Some of Ace’s readers said that the Tsarnaevs’ money wasn’t all that much in the grand scheme of things. Yet, a few others wondered just how many Tsarnaevs there are in America and the rest of the West. Reforming welfare would save money which seems increasingly poorly spent. Our societies see no return from it.

They discussed what welfare really means in reality. Sure, we say that it should be ‘a hand up, not a hand out’, but when three generations have made a lifestyle of sucking at the public teat, that’s hardly the case.

Ace’s readers posited that welfare today is protection money — although riots, wildings and terrorism seem to have put paid to that notion.

A few readers were affronted by their supermarket experiences. They searched for bargains and brandished discount coupons. Their shopping trolleys had minced beef when others had cuts of prime steak. One shopper in the juice aisle took advantage of an own-brand BOGOF; she says she saw a woman nearby put an expensive name brand of juice into her own trolley. Ace’s reader gently called the woman’s attention to the BOGOF. The other woman flashed her EBT (electronic benefits card) and said, ‘That means nothing to me’. 

This is theft, friends. Ace’s readers are financing this woman as well as the prime steak purchaser.  Yet, the EBT cardholders feel no compunction to live modestly. Hmm.

There is also the notion that welfare, for some, is a form of reparations.

And, for others, it is a form of jizya — a Muslim concept of extorting or taking money from non-Muslims. Ace’s reader Hepcat posted this news story from February 2013 involving the radical preacher Anjem Choudary. Emphases in the original from The Sun, except for those in violet:

SCROUNGING hate preacher Anjem Choudary has told fanatics to copy him by going on benefits — urging: “Claim your Jihad Seeker’s Allowance.”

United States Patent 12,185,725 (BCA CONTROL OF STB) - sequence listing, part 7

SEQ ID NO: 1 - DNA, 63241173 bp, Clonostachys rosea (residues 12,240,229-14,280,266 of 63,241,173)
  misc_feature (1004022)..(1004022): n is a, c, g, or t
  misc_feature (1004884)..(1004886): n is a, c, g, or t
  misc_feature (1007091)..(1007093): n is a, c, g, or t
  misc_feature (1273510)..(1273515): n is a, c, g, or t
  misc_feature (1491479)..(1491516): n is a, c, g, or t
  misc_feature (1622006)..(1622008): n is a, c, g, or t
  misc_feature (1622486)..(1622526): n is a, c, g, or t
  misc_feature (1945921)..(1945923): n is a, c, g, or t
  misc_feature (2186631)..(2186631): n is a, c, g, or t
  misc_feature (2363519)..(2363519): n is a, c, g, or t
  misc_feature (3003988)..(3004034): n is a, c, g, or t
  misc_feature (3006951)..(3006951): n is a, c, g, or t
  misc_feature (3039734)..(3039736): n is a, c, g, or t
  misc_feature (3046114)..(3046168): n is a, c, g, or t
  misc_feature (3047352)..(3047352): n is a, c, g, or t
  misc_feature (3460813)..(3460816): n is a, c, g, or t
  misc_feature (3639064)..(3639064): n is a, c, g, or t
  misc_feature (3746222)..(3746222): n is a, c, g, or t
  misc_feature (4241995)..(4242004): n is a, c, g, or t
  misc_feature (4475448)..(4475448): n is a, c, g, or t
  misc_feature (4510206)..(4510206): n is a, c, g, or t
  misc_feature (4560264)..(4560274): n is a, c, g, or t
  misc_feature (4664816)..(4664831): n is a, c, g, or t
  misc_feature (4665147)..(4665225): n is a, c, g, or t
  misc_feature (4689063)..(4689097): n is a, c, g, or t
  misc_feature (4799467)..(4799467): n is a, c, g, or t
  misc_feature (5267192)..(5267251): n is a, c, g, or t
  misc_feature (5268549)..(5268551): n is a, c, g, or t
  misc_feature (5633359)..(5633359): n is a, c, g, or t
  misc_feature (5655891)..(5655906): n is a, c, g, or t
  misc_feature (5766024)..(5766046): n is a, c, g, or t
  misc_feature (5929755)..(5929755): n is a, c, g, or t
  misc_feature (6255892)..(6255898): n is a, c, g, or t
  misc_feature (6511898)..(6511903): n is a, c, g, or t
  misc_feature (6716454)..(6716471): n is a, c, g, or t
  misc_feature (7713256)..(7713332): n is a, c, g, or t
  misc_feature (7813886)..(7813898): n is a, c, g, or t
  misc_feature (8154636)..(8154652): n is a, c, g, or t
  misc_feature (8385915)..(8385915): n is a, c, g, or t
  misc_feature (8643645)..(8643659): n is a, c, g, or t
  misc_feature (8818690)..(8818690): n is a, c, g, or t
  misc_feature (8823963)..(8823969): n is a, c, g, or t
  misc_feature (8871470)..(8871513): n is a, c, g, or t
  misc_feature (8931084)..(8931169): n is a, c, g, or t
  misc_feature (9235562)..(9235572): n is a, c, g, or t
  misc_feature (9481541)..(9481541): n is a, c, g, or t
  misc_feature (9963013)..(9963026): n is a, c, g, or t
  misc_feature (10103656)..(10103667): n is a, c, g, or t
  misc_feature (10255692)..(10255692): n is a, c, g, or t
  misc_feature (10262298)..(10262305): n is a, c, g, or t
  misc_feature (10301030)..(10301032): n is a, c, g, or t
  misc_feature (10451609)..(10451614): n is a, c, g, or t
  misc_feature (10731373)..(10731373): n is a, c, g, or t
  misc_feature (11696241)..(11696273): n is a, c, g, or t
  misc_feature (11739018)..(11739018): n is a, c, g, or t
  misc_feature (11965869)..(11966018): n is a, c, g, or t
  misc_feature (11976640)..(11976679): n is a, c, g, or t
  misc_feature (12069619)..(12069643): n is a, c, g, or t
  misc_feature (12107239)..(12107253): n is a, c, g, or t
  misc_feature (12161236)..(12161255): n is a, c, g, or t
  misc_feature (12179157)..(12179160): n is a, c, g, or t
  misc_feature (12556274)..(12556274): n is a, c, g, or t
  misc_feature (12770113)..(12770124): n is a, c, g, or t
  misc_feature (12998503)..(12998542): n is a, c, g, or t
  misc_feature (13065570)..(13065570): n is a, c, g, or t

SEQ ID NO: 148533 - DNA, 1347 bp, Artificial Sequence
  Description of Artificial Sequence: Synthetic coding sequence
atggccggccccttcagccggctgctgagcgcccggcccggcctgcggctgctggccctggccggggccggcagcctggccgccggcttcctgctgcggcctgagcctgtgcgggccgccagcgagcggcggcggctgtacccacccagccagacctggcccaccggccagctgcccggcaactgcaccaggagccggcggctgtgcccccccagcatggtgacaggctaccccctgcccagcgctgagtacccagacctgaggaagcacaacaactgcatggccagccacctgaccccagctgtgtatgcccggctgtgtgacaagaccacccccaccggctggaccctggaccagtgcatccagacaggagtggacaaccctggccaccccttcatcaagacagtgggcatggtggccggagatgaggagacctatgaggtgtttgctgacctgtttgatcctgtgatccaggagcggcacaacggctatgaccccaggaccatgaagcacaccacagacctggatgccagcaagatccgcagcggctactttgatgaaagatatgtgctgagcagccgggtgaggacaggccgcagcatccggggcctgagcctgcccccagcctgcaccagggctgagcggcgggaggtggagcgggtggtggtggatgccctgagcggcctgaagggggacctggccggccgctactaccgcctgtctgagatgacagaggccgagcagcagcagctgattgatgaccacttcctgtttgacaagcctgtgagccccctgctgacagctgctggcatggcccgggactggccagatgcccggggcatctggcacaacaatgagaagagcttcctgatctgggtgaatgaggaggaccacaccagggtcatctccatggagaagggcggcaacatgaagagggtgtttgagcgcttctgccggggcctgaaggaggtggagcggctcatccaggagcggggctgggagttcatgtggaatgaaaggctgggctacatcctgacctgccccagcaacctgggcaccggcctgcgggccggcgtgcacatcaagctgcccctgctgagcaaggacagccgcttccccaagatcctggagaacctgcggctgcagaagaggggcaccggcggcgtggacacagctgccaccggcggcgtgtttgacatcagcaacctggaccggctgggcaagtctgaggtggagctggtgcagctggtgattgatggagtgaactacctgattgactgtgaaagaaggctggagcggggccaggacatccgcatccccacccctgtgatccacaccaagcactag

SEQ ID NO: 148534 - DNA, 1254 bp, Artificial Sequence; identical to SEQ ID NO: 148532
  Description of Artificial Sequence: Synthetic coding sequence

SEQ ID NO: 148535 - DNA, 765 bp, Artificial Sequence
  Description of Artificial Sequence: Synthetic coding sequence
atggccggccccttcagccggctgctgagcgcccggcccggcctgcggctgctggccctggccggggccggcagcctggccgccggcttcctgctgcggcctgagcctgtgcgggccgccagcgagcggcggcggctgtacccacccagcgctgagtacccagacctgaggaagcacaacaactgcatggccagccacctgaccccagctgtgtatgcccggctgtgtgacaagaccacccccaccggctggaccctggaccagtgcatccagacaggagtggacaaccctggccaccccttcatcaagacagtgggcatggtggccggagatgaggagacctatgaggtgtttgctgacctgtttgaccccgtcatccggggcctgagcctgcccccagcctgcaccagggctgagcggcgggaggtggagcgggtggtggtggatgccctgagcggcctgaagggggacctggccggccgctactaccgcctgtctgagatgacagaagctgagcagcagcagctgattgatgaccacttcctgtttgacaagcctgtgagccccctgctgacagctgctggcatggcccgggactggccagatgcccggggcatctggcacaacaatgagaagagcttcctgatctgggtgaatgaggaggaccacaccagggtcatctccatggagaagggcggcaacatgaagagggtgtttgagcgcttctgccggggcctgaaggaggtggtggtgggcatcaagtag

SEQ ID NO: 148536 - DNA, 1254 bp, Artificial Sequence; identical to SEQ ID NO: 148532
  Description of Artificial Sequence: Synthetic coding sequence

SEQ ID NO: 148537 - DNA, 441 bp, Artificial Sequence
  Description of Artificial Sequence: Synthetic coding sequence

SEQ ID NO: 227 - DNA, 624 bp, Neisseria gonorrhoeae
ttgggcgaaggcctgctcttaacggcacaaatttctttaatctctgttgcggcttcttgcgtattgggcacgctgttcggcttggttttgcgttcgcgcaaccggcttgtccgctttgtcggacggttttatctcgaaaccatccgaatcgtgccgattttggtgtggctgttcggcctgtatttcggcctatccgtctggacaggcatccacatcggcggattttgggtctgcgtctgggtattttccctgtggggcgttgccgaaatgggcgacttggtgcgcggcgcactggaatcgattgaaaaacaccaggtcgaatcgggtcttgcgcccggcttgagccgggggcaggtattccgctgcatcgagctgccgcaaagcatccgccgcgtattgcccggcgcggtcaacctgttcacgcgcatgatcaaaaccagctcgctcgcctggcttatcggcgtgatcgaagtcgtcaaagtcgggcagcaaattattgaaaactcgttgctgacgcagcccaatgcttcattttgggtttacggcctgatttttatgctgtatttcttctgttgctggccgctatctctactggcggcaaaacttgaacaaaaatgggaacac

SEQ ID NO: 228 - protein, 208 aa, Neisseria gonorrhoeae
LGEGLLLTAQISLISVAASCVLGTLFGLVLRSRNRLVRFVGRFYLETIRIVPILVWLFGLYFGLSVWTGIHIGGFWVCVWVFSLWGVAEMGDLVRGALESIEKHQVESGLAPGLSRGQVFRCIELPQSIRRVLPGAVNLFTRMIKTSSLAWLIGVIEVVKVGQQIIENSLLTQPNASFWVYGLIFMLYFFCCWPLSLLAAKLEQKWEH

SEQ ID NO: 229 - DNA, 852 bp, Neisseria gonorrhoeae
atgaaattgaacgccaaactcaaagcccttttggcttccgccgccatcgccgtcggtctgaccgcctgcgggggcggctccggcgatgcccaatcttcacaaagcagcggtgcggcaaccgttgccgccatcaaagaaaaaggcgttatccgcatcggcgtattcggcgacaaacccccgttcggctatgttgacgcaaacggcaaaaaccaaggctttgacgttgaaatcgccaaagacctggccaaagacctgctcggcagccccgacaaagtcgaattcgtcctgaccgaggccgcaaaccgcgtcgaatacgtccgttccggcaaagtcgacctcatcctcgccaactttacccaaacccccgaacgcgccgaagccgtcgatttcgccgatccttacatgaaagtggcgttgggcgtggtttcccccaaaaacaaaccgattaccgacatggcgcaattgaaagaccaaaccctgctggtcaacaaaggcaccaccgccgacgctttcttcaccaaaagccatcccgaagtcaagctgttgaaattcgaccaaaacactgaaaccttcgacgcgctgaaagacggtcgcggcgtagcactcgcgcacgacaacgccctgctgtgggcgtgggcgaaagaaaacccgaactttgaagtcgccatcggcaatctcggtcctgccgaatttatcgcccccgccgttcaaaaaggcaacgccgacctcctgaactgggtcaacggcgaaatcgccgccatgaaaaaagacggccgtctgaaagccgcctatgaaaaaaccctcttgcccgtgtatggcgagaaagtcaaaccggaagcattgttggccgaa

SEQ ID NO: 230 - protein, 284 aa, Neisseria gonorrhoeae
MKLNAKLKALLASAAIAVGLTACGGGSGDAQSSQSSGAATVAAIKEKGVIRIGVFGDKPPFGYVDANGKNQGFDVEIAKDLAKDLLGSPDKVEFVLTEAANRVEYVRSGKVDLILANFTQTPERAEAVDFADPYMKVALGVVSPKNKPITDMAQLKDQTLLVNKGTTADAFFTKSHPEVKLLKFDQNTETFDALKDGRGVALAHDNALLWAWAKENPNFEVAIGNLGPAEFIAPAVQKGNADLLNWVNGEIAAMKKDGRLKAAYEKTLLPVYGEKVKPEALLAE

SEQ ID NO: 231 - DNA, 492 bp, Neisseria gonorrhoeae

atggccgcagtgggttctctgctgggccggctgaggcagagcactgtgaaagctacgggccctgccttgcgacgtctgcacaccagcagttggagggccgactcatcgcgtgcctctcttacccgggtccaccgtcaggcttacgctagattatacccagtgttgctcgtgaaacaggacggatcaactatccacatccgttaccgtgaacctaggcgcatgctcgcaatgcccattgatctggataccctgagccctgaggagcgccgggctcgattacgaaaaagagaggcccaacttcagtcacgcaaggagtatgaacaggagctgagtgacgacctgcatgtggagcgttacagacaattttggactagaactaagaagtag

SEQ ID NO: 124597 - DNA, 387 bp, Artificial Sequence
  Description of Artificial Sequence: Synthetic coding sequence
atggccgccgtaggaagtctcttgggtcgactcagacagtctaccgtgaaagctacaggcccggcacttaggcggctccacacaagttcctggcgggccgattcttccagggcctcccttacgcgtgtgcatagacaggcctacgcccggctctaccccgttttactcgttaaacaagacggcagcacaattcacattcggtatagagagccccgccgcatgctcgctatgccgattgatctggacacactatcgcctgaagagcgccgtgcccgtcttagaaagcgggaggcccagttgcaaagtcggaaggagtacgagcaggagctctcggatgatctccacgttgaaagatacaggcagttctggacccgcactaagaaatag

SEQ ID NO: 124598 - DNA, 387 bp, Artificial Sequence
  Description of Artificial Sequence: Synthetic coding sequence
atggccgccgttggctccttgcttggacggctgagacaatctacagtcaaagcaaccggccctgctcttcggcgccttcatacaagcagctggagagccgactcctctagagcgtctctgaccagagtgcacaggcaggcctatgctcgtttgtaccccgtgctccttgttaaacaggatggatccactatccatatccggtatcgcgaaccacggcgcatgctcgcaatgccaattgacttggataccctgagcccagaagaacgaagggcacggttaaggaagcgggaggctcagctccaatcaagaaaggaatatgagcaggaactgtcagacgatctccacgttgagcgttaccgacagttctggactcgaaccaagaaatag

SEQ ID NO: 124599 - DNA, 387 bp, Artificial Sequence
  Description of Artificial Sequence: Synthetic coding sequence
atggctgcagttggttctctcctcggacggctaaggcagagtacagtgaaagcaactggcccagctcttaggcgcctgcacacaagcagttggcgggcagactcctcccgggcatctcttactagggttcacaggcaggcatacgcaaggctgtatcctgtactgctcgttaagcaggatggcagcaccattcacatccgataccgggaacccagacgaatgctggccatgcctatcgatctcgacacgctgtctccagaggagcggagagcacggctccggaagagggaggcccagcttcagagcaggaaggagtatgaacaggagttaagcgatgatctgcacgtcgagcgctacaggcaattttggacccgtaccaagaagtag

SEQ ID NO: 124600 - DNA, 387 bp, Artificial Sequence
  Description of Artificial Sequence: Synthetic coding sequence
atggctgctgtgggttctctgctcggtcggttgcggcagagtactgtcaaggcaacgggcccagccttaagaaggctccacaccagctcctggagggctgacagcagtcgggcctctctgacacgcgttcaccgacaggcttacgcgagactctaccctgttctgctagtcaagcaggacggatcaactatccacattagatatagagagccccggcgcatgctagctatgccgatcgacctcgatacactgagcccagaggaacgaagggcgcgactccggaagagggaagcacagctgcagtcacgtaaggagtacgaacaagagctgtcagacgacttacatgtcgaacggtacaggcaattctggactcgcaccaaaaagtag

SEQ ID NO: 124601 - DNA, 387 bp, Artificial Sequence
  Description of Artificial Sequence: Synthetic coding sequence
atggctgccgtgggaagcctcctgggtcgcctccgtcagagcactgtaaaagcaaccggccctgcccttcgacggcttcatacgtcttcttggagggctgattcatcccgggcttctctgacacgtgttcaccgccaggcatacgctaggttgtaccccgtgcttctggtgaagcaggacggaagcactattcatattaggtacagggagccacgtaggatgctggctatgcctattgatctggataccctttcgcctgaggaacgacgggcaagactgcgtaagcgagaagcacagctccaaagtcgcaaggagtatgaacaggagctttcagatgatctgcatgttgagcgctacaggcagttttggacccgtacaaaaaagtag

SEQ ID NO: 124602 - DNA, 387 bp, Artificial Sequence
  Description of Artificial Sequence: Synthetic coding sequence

He cruelly ridiculed non-Muslims who held down 9-to-5 jobs all their lives and said sponging off them made plotting holy war easier.

The Sun secretly filmed him over three meetings also saying leaders such as David Cameron and Barack Obama should be KILLED, grinning as he branded the Queen “ugly” and predicting a “tsunami” of Islamic immigrants would sweep Europe.

Father-of-four Choudary, who has praised terrorist outrages, pockets more than £25,000 a year in benefits — £8,000 more than the take-home pay of some soldiers fighting the Taliban in Afghanistan.

He laughed as he told supporters:

“You find people are busy working the whole of their life. They wake up at 7 o’clock. They go to work at 9 o’clock. They work for eight, nine hours a day. They come home at 7 o’clock, watch EastEnders, sleep, and they do that for 40 years of their life. That is called slavery.

“And at the end of their life they realise their pension isn’t going to pay out anything, the mortgage isn’t going to pay out anything.

“Basically they are going to lose everything, commit suicide. What kind of a life is that, honestly. That is the life of kuffar (non-believer)” …

“Democracy, freedom, secularism, the parliament, all the MPs and the Presidents, all the kuffar’s ideas, everything the people worship, we have to believe that they are bad and we have got to reject them.

“Reject them with our tongue. Reject them with our heart. In our heart have hatred towards them.”

The French have a solution for the Abu Qatadas of this world. I do not know if this will continue under Hollande, but Chirac and Sarkozy followed the policy of deporting radicals first — then sifting through evidence and hearing appeals later. The Sun reports that that between 2001 and 2010, France deported 129 suspected Islamic extremists. During that same period, the UK deported only nine.

So, if a few reading this post still think there should be more wealth redistribution, they’re welcome to it. Only please don’t comment here. Your reasoning and your votes are part of the reason we’re in the state we find ourselves today.

It’s hard to pray for those who hate us and rob us, but, somehow, we must find a way. We must also pray for wisdom — in ourselves and others — to help us overcome this oppressive reality.

Recently, I spent many hours reading Karl Denninger’s insightful Market Ticker (see my ‘UK Libertarian and Other Sites of Interest’ in the left hand column), catching up on this year’s posts and comments.